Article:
Naturally, dealing with serious personal issues is a huge responsibility, and I can't honestly accept responsibility for people's life decisions. I can only ask leading questions, give suggestions and encouragement, and hope to point people in a good direction.

For example, a client once traveled overseas, where he checked out certain properties with an eye to investment. He called me – giving the places nicknames, because I don't need addresses – and I told him something bothered me about one property, which seemed to be on the border between neighborhoods. My client returned to check on it in the evening and discovered that, although it was in a good neighborhood, it was close to a bad one, and at night it became a noisy hangout, with music blasting and neighbors complaining the noise disturbed their sleep. When he told me about another place, I felt it to be full of sunshine, with young couples moving in, a neighborhood that was up and coming. He found that too to be true.

But wouldn't anyone with real estate buying experience have noticed all that? 
Indeed, and many of my ideas turn out to be plain common sense. The difference is that for an expert in the field it's common sense, while with me it's pure intuition. Besides, that investor lived far from those places, so he wouldn't have time to check them thoroughly. He might have missed the clues, so he was glad he had asked me.

How many people have approached you for advice? 
Over the 10 years I've been doing this, I've probably had thousands of cases, including thousands involving tefilin and mezuzos. I have helped many, many members of the worldwide Lubavitcher community, as anyone can ascertain by asking around. My clients have included prominent rabbonim from communities around the world and mashpiim. Rabbi Manis Friedman, for example, has referred people to me.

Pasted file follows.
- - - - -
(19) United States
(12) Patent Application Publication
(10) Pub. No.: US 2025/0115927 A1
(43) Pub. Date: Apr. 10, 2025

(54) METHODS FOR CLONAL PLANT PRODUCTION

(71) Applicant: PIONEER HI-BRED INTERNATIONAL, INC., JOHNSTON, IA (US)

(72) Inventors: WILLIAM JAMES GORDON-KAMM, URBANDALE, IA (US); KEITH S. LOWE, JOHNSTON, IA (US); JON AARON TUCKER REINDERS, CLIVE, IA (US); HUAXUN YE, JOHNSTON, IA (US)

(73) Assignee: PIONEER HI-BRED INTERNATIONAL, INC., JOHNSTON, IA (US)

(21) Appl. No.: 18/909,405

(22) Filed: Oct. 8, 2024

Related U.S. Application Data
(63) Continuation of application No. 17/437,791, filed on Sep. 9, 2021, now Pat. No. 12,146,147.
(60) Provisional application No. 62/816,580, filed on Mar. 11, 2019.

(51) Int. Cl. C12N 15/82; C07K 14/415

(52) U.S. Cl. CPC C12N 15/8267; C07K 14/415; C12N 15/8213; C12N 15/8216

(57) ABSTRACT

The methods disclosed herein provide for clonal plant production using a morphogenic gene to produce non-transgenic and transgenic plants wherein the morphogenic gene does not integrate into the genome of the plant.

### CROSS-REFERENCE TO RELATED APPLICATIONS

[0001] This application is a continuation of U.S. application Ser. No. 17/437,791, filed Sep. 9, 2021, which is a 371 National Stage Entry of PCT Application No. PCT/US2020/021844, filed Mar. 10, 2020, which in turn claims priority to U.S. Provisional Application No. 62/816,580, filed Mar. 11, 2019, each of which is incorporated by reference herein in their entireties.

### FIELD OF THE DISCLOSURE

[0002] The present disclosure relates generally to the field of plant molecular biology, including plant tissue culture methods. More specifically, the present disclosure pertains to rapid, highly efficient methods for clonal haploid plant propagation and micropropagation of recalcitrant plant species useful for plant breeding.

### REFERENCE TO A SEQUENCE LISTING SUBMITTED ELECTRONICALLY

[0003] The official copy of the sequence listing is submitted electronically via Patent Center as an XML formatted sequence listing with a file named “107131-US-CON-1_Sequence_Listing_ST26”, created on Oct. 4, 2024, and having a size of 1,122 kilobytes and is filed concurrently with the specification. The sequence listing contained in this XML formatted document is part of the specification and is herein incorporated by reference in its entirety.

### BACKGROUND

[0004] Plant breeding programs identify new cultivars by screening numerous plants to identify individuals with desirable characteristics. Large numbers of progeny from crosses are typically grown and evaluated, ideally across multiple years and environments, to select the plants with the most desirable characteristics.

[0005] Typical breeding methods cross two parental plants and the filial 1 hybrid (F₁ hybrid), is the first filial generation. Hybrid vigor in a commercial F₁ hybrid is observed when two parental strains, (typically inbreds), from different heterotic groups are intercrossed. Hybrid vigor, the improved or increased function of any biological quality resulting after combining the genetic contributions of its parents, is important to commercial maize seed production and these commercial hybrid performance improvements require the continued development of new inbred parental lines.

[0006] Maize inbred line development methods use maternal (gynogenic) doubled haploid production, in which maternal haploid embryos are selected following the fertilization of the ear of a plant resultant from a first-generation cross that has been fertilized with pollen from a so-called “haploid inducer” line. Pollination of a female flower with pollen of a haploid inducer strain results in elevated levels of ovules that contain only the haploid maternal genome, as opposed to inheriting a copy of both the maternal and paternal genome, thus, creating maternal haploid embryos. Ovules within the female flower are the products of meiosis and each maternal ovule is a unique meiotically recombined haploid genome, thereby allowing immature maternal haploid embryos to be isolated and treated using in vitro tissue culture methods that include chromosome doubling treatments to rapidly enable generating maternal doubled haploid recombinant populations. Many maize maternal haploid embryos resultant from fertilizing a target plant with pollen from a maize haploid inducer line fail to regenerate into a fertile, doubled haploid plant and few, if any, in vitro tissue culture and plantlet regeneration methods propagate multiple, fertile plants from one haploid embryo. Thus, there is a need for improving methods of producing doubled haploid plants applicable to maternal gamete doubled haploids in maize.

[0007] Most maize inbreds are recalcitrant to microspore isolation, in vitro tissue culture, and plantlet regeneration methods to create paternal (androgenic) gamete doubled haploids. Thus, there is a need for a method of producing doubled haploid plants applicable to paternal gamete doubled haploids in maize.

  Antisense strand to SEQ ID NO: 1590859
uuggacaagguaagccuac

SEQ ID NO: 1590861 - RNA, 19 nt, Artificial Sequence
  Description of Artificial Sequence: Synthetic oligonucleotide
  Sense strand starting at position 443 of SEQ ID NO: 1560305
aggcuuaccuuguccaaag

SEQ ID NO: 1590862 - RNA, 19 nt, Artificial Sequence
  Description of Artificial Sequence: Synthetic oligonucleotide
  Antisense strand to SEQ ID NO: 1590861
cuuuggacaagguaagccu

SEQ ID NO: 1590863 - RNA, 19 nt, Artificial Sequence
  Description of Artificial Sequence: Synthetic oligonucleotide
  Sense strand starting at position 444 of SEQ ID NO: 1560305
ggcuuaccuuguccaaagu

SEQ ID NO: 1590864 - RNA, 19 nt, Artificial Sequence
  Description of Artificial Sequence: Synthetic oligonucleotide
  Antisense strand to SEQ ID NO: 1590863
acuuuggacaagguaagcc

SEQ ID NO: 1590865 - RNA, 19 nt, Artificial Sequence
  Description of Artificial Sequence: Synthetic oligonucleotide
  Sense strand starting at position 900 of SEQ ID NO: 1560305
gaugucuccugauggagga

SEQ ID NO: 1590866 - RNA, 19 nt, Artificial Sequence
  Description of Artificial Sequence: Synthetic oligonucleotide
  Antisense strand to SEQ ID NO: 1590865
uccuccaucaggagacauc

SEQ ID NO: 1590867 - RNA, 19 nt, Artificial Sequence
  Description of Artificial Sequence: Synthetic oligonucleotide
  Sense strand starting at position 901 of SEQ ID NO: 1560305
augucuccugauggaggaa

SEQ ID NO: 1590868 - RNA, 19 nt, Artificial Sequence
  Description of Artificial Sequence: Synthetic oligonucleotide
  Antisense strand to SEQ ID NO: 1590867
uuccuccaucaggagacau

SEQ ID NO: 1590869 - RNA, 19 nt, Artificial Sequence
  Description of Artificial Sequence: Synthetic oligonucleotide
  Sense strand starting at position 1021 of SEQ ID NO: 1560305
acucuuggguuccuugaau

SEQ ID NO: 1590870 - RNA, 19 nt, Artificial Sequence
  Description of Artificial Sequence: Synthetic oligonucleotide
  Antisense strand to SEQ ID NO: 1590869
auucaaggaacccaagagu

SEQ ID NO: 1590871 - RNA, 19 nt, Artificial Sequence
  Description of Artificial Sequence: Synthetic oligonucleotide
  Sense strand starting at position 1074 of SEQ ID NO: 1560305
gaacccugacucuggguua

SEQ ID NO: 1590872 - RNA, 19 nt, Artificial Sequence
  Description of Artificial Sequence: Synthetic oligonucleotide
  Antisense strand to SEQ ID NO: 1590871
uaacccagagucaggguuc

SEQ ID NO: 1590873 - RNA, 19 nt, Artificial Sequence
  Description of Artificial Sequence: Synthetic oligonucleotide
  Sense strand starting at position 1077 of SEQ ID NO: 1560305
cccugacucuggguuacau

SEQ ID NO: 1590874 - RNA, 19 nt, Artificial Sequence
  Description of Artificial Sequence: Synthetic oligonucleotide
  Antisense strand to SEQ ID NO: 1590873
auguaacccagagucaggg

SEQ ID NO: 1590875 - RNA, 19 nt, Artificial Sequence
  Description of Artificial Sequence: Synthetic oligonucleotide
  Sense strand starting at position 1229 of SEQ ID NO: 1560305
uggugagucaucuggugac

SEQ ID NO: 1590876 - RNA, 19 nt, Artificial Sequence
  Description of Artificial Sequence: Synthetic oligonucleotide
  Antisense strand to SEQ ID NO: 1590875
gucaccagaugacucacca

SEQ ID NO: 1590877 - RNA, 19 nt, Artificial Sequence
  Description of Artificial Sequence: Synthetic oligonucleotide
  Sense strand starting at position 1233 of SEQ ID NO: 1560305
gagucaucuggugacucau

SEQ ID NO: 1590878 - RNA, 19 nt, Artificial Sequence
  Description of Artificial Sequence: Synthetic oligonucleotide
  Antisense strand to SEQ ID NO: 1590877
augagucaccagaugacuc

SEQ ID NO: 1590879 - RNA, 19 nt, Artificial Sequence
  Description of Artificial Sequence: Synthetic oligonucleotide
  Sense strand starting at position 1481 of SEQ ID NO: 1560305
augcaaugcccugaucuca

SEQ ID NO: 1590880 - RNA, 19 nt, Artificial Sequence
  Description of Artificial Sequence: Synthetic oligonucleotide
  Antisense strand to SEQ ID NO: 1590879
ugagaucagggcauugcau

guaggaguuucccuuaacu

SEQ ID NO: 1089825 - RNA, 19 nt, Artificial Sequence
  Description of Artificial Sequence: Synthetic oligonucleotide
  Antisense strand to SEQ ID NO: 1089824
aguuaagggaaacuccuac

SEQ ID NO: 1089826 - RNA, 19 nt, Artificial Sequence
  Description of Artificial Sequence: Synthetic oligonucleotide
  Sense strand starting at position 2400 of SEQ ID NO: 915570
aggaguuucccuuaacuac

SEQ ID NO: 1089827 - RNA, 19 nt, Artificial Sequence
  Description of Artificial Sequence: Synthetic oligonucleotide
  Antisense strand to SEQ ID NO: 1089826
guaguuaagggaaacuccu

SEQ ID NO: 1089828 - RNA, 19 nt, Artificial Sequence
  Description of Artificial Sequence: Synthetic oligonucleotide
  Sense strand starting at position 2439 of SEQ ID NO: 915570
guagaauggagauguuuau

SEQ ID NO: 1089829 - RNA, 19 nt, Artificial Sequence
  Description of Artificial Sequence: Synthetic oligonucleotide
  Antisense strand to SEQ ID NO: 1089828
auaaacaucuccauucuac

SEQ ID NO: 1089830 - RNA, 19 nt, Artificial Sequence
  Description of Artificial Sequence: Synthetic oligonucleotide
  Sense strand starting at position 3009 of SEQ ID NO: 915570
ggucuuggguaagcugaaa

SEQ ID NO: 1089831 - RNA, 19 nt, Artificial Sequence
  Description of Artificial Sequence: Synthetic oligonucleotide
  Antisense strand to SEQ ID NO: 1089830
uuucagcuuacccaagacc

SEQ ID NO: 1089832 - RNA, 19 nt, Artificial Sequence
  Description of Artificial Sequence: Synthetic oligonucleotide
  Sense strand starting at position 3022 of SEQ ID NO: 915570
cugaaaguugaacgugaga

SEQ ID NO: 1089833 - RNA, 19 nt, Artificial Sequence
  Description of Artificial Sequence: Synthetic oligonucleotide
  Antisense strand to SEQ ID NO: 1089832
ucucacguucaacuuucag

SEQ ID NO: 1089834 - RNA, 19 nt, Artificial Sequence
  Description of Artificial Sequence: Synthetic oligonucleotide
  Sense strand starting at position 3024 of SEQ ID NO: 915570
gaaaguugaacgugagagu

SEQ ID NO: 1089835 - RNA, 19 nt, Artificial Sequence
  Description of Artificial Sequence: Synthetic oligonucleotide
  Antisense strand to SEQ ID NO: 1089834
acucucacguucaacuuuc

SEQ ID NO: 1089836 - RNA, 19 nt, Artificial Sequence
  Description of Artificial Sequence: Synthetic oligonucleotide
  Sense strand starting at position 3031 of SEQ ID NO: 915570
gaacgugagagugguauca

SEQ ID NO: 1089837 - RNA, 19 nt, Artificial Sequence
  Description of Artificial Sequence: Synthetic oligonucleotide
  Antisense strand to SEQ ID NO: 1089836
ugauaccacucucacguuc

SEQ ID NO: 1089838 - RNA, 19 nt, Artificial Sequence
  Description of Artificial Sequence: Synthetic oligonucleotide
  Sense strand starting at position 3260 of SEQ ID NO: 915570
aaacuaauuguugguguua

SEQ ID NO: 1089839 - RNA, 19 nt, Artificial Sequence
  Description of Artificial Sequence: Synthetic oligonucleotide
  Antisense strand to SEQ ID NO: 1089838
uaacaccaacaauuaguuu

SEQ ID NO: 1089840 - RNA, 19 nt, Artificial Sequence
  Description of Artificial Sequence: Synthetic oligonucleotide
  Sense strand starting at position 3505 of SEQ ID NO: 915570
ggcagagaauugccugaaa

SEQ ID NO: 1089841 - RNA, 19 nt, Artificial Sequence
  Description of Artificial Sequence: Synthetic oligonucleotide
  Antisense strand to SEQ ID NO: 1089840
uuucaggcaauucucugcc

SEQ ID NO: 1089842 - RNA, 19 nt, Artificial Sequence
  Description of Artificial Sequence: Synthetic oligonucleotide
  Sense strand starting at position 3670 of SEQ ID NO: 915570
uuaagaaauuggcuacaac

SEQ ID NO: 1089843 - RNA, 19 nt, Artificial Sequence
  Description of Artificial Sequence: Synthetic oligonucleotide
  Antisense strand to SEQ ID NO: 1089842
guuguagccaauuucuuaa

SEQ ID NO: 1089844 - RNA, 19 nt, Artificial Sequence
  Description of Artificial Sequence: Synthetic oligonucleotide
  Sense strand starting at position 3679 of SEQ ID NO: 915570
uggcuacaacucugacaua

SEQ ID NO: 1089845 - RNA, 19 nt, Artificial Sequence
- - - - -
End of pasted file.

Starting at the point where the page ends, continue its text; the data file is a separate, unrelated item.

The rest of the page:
How much time do you spend with clients? 
Usually it's up to the individual. Some need just a few minutes, especially if they get straight to the point and immediately follow my advice, in which case they soon see results. Others need more time, particularly if they don't immediately follow my advice, in which case they'll keep coming back. I also work over the phone, which adds a layer of privacy and helps people feel more at ease. After discussing the problem with them, I may continue thinking about them, sending them "energy" to help with the problem. At the beginning of Likutei Diburim, the Rebbe RaYYaTz explains that thinking about someone can help him.

What is your success rate? 
Boruch Hashem, I have been blessed with abundant success. I've never taken the time to measure it in exact numbers, but great numbers of people feel they have been helped and their problems resolved. The fact that I get many referrals from previous clients is the best testimony.

Can you give examples of your success? 
I have hundreds of stories, some of them really amazing.
A teenager once told me his ankle gave him constant severe pain, for which he needed an operation. From across the table, I focused energy on him for a few minutes, and he told me the pain was getting less and less, until it disappeared. When I met him a year later, he told me the pain had never returned, and he no longer needed any operation.

At a L'chaim [engagement party], I had a farbrengen with some bochurim. One mentioned that he suffered from gout, which caused him constant acute pain in his leg. For a few minutes, I focused energy on him and the pain disappeared. He was skeptical about it and didn't believe he would long remain free of pain. But when I met him again over a year later, he reported that, "strangely enough," the pain had never returned!

A few years ago, a man aged around 60 was limping painfully. He had had a knee-cap replacement, and needed another one on his other knee. I focused energy on his problem several times, at personal meetings and during phone conversations. Since then, his pain has disappeared and he hasn't needed a replacement for his other knee.

Give us an example about tefilin.